Somerville Divestment Revisited – Conspiracy

This next set of essays were written during the second year of campaigning against BDS in Somerville, MA (2005) when divestment proponents tried to get a divestment measure they failed to get past the legislature onto the city-wide ballot.

A description of how that issue played out can be found here.

An old joke describes a Jewish train traveler in 1930s Germany who is flabbergasted when he sees his friend Moshe reading a Nazi newspaper.  “Moshe, have you lost your mind?!” he cries out.  “Why are you reading that hateful rag?”

“I used to read the Jewish newspaper,” replied Moshe, “but it was too depressing.  When I read this paper, the Jews own all the banks, they control the media, we’re rich and powerful, we run the world!  This news is so much better.”

While I would never compare those pushing divestment with the “you-know-whos” (and certainly hope they will one day return the favor), this joke did came to mind the more I read about how divestment’s backers explain their overwhelming defeat during last year’s Somerville Alderman’s debate.

The So-Called Somerville Divestment Project (SC-SDP) hinted at their planned storyline, with quotes like:

“Last year, the SDP pressured the city council to pass a resolution for divestment that nearly passed, but was ultimately defeated due to pressure from the local pro-Israel lobby.”

Soon, however, this “local pro-Israel lobby” had morphed into something much larger.  In their most popular write up of last year’s events, divestment’s backers described the reasons behind their defeat as follows:

“Several factors converged to facilitate the defeat of the Somerville Divestment Resolution not the least of which was media combined with the full weight of the Jewish establishment.”

From “a local pro-Israel lobby” to “the full weight of the Jewish establishment” (not to mention the media), it was just a short step to this characterization from a recent issue of the Somerville Journal:

“The letters to the editor supporting Somerville divestment from Israel are words from citizens telling the other side of the story we hear from the powerful Israel lobby, consisting of more than 50 organizations, AIPAC (the American Israel Public Affairs Committee) being one of the most influential. The Israel lobby is considered by many to be the most powerful lobby in Washington and seems to be in Somerville, too.”

The chuckling you hear is only partly from the notion that divestment represents humble “citizens” speaking truth to power.  For those of us who fought successfully against divestment last year, the question we have to ask the vast, all-pervasive and all-powerful Jewish lobby was: so where are you guys anyway?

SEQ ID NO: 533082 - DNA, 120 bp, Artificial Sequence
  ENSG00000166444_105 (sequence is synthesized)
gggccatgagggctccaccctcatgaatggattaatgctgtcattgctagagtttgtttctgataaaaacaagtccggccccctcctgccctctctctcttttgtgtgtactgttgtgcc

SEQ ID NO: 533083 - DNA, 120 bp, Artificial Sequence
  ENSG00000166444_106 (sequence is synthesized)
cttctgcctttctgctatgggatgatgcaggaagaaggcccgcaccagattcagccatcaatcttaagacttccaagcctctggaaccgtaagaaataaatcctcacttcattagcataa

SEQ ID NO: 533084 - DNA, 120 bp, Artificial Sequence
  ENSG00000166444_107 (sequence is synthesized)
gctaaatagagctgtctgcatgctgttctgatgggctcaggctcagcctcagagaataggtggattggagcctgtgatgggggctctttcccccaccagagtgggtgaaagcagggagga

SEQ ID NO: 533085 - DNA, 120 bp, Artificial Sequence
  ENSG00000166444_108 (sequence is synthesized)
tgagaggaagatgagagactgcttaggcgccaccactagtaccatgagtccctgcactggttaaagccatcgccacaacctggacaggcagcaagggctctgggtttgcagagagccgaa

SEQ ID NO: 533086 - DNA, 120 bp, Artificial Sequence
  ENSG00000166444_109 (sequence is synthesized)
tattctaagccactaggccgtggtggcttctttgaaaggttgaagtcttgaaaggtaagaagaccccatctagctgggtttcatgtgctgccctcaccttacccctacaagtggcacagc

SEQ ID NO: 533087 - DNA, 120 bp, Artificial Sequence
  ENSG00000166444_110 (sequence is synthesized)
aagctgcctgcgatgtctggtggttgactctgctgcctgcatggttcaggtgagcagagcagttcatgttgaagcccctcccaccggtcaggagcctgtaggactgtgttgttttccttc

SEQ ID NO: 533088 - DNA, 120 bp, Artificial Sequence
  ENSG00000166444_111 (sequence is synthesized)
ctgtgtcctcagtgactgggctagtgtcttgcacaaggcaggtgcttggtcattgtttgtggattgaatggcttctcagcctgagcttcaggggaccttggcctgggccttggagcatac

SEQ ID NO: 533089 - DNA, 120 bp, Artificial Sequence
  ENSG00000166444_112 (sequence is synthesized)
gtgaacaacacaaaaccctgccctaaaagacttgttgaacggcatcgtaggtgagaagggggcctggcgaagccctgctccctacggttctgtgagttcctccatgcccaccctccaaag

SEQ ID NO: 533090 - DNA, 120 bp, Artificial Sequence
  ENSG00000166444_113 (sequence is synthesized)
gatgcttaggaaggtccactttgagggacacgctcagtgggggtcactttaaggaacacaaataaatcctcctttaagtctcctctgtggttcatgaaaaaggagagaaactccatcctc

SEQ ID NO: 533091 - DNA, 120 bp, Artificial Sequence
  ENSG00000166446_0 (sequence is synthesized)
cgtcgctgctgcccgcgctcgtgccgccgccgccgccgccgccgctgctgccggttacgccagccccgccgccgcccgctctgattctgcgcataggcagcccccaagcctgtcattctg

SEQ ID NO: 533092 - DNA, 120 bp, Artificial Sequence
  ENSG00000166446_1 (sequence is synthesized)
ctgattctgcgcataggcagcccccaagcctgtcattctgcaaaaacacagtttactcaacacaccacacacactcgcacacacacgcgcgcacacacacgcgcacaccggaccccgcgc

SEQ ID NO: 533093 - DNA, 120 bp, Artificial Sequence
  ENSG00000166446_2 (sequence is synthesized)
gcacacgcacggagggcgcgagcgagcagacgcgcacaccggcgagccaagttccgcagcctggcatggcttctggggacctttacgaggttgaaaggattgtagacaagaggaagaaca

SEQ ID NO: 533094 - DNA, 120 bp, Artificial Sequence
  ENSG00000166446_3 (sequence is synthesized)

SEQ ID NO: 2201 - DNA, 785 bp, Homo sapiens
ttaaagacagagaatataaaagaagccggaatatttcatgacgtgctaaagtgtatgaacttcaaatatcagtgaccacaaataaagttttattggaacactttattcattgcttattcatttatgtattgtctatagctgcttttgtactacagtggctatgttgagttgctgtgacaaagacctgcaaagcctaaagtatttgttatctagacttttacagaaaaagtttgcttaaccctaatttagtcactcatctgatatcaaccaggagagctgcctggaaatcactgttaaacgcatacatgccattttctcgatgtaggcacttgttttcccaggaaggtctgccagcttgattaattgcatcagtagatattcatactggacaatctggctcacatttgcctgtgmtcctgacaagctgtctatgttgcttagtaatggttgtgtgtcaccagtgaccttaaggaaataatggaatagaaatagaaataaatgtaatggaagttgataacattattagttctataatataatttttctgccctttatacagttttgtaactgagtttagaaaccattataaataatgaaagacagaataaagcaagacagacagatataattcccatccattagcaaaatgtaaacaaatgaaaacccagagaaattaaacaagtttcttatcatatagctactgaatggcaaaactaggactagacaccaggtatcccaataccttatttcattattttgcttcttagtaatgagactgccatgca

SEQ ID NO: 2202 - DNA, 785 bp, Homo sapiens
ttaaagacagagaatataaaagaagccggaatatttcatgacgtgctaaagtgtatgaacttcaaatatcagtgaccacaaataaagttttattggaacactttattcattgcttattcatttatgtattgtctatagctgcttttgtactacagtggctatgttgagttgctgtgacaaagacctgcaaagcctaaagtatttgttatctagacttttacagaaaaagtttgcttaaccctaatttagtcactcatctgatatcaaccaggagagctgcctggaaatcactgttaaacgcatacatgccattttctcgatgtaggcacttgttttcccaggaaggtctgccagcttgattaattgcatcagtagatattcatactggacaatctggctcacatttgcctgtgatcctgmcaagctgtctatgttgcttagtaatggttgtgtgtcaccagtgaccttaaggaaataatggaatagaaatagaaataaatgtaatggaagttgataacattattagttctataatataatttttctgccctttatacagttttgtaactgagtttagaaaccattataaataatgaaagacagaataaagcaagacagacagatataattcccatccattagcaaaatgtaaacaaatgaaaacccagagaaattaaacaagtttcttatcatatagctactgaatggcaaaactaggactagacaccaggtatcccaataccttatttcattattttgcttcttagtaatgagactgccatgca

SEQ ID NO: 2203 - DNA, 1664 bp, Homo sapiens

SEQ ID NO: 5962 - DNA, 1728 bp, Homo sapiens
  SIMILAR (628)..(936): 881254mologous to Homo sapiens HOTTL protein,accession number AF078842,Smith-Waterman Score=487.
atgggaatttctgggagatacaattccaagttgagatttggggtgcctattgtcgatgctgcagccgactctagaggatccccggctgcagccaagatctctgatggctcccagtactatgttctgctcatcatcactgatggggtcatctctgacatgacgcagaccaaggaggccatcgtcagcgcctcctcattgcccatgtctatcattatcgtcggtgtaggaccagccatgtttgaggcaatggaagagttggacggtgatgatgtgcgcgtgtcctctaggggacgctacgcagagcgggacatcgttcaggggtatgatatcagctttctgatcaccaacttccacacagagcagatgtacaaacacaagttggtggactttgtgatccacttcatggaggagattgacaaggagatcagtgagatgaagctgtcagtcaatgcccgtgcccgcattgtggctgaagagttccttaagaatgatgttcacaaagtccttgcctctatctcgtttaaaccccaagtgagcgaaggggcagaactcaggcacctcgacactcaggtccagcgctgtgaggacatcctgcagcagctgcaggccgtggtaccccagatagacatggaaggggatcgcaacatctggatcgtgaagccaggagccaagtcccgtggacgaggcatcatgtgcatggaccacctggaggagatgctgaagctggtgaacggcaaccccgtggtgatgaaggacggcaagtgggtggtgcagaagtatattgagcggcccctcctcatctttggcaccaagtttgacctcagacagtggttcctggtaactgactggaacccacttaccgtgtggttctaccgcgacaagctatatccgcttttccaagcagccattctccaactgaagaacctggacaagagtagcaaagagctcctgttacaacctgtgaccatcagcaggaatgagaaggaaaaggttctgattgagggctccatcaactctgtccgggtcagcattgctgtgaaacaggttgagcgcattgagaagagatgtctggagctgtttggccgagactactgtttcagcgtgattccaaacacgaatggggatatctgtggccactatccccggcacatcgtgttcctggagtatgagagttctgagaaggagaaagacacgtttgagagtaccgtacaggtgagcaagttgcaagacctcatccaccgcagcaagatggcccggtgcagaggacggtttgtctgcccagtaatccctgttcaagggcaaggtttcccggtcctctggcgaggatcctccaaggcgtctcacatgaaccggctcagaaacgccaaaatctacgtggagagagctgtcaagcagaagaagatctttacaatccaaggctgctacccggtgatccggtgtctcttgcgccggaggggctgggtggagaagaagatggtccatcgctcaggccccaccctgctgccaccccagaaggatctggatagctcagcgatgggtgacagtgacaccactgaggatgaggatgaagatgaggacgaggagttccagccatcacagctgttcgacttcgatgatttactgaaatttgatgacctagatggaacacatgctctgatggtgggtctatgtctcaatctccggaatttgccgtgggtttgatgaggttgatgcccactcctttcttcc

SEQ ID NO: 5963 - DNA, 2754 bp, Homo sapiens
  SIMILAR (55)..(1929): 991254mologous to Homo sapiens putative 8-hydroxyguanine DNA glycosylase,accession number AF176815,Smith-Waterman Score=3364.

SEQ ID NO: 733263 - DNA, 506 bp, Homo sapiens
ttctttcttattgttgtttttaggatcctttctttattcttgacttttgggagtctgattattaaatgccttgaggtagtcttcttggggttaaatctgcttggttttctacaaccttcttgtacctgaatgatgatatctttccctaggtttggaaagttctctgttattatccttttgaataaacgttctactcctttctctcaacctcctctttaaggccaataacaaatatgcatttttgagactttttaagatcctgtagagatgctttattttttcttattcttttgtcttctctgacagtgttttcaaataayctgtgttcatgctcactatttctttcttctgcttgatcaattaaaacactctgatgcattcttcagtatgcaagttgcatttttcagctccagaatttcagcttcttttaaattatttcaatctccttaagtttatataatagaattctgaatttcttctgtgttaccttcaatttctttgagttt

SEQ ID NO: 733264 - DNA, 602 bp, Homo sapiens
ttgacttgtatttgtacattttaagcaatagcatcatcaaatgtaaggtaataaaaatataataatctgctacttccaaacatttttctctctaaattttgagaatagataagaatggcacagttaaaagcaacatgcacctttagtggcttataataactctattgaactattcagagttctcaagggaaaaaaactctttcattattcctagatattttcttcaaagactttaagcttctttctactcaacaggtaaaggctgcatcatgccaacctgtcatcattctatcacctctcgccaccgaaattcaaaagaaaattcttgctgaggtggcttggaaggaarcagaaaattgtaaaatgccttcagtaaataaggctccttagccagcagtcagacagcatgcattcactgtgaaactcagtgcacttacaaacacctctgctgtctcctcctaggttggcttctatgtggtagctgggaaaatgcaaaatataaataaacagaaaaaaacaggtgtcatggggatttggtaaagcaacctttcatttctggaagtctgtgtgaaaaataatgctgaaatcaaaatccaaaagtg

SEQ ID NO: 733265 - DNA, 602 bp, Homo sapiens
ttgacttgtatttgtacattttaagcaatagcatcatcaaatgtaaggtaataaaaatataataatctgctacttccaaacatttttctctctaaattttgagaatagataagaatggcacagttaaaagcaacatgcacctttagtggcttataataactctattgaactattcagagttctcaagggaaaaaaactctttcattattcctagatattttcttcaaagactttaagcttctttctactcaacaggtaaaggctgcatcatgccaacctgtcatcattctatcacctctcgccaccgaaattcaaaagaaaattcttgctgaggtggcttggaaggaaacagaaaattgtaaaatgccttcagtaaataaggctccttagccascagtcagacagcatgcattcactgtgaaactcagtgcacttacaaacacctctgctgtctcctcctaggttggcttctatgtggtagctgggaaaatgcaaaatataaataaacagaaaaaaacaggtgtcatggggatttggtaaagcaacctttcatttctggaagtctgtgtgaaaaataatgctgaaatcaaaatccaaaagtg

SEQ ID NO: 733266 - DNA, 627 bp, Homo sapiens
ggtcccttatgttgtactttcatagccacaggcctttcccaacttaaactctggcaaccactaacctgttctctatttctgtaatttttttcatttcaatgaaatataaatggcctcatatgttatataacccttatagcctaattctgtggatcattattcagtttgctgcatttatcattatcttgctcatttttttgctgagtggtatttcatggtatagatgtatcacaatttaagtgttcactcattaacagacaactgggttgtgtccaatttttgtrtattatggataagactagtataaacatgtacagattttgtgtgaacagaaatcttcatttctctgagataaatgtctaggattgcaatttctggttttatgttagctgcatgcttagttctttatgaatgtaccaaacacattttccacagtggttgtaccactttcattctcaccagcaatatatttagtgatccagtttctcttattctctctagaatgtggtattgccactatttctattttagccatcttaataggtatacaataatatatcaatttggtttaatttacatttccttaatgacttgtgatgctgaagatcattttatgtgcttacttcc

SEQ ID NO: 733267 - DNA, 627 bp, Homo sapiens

This is not a slight on the many Jewish community and political groups who have helped battle anti-Israel activities in the past.  It’s just that with barely a month to defeat divestment, we critics of the resolution barely had time to organize ourselves, much less recruit the vast Zionist conspiracy to our side.  In fact, it was only months after last year’s debate ended that any of us found ourselves in the same room, much less coordinating our activities.

The SC-SDP just has to face the fact that their defeat came as the result of a group of Somerville citizens, acting largely independently, combined with the might of common sense among Somerville’s leaders and the citizens at large.  If we are more organized this year to defeat the drive to get divestment on the November ballot that is only because we could not possibly be less organized than we were in 2004.

Certainly, it sooths the fragile ego to believe that defeat came as the result of an all-mighty, mystical enemy, rather than at the hands of the citizens in whose name one professes to speak.  Yet there is also a darker side to what Pulitzer Prize winning essayist Richard Hofstadter described as “The Paranoid Style of American Politics.”

In that groundbreaking work on America’s radical right, Hofstadter describes how a conspirator’s worldview is not just a product of his or her frightened fantasy, but actually describes the world in which a conspiracy theorist lives or most wishes to dwell.

An organized cabal, trying to manipulate the levers of power, with as little input of the citizens as possible.  Does that sound more like the Divestment Project that almost succeeded in deceiving Somerville’s Aldermen into voting “Yes” for divestment, or those of us who – in the full light of public debate – helped defeat their activities?

I’m tempted to ask those who see the all-powerful Jewish lobby behind every keyhole what color the sky is in their world.  Yet their own paranoid fictions best describe the planet in which they inhabit, a world I hope we have all helped defer coming into existence

 

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